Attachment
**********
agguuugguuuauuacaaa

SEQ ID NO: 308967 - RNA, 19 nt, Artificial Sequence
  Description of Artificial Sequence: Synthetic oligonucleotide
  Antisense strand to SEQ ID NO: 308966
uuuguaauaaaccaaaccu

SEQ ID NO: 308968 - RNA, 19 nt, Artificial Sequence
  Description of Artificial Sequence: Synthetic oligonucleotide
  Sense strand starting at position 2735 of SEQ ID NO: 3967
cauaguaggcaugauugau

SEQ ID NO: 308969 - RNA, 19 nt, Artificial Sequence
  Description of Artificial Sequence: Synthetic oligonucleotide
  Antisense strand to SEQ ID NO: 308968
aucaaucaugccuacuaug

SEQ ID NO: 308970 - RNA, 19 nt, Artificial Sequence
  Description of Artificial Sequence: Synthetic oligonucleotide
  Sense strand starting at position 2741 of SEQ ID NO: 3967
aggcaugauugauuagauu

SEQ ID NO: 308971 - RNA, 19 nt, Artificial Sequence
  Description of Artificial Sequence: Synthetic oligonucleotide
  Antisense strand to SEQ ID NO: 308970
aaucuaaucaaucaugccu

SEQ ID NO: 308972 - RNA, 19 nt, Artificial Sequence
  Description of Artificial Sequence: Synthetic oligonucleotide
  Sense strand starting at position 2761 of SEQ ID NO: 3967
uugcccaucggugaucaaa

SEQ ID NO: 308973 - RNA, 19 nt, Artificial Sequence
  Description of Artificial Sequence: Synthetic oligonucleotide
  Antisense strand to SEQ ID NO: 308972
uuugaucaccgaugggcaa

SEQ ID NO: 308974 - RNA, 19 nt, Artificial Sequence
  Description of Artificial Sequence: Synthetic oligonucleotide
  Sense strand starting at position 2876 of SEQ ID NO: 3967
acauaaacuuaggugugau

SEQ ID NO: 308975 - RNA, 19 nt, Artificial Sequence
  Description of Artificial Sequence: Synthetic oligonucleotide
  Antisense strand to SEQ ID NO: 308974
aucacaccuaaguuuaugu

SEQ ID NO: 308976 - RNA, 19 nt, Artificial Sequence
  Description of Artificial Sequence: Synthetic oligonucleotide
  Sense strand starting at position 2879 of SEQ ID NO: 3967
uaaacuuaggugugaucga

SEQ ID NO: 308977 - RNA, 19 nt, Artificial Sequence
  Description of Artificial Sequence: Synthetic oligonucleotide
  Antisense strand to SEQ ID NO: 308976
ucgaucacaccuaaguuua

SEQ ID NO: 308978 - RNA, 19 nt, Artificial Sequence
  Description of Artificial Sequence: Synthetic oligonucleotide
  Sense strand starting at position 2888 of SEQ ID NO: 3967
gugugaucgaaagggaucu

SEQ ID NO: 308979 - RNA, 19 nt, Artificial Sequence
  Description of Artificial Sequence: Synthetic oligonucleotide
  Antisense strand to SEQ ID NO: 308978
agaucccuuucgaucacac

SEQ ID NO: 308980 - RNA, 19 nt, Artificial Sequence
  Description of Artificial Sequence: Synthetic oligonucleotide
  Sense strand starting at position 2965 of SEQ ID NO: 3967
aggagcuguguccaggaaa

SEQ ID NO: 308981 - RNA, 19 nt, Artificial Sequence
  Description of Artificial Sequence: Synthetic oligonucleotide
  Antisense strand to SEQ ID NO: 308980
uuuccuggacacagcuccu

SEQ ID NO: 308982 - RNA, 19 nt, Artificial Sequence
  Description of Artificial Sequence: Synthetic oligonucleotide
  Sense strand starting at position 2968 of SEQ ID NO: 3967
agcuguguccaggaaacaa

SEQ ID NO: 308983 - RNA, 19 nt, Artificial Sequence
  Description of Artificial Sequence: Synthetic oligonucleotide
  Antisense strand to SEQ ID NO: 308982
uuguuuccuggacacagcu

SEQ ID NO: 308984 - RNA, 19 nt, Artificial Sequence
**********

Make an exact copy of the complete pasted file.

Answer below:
agguuugguuuauuacaaa

SEQ ID NO: 308967 - RNA, 19 nt, Artificial Sequence
  Description of Artificial Sequence: Synthetic oligonucleotide
  Antisense strand to SEQ ID NO: 308966
uuuguaauaaaccaaaccu

SEQ ID NO: 308968 - RNA, 19 nt, Artificial Sequence
  Description of Artificial Sequence: Synthetic oligonucleotide
  Sense strand starting at position 2735 of SEQ ID NO: 3967
cauaguaggcaugauugau

SEQ ID NO: 308969 - RNA, 19 nt, Artificial Sequence
  Description of Artificial Sequence: Synthetic oligonucleotide
  Antisense strand to SEQ ID NO: 308968
aucaaucaugccuacuaug

SEQ ID NO: 308970 - RNA, 19 nt, Artificial Sequence
  Description of Artificial Sequence: Synthetic oligonucleotide
  Sense strand starting at position 2741 of SEQ ID NO: 3967
aggcaugauugauuagauu

SEQ ID NO: 308971 - RNA, 19 nt, Artificial Sequence
  Description of Artificial Sequence: Synthetic oligonucleotide
  Antisense strand to SEQ ID NO: 308970
aaucuaaucaaucaugccu

SEQ ID NO: 308972 - RNA, 19 nt, Artificial Sequence
  Description of Artificial Sequence: Synthetic oligonucleotide
  Sense strand starting at position 2761 of SEQ ID NO: 3967
uugcccaucggugaucaaa

SEQ ID NO: 308973 - RNA, 19 nt, Artificial Sequence
  Description of Artificial Sequence: Synthetic oligonucleotide
  Antisense strand to SEQ ID NO: 308972
uuugaucaccgaugggcaa

SEQ ID NO: 308974 - RNA, 19 nt, Artificial Sequence
  Description of Artificial Sequence: Synthetic oligonucleotide
  Sense strand starting at position 2876 of SEQ ID NO: 3967
acauaaacuuaggugugau

SEQ ID NO: 308975 - RNA, 19 nt, Artificial Sequence
  Description of Artificial Sequence: Synthetic oligonucleotide
  Antisense strand to SEQ ID NO: 308974
aucacaccuaaguuuaugu

SEQ ID NO: 308976 - RNA, 19 nt, Artificial Sequence
  Description of Artificial Sequence: Synthetic oligonucleotide
  Sense strand starting at position 2879 of SEQ ID NO: 3967
uaaacuuaggugugaucga

SEQ ID NO: 308977 - RNA, 19 nt, Artificial Sequence
  Description of Artificial Sequence: Synthetic oligonucleotide
  Antisense strand to SEQ ID NO: 308976
ucgaucacaccuaaguuua

SEQ ID NO: 308978 - RNA, 19 nt, Artificial Sequence
  Description of Artificial Sequence: Synthetic oligonucleotide
  Sense strand starting at position 2888 of SEQ ID NO: 3967
gugugaucgaaagggaucu

SEQ ID NO: 308979 - RNA, 19 nt, Artificial Sequence
  Description of Artificial Sequence: Synthetic oligonucleotide
  Antisense strand to SEQ ID NO: 308978
agaucccuuucgaucacac

SEQ ID NO: 308980 - RNA, 19 nt, Artificial Sequence
  Description of Artificial Sequence: Synthetic oligonucleotide
  Sense strand starting at position 2965 of SEQ ID NO: 3967
aggagcuguguccaggaaa

SEQ ID NO: 308981 - RNA, 19 nt, Artificial Sequence
  Description of Artificial Sequence: Synthetic oligonucleotide
  Antisense strand to SEQ ID NO: 308980
uuuccuggacacagcuccu

SEQ ID NO: 308982 - RNA, 19 nt, Artificial Sequence
  Description of Artificial Sequence: Synthetic oligonucleotide
  Sense strand starting at position 2968 of SEQ ID NO: 3967
agcuguguccaggaaacaa

SEQ ID NO: 308983 - RNA, 19 nt, Artificial Sequence
  Description of Artificial Sequence: Synthetic oligonucleotide
  Antisense strand to SEQ ID NO: 308982
uuguuuccuggacacagcu

SEQ ID NO: 308984 - RNA, 19 nt, Artificial Sequence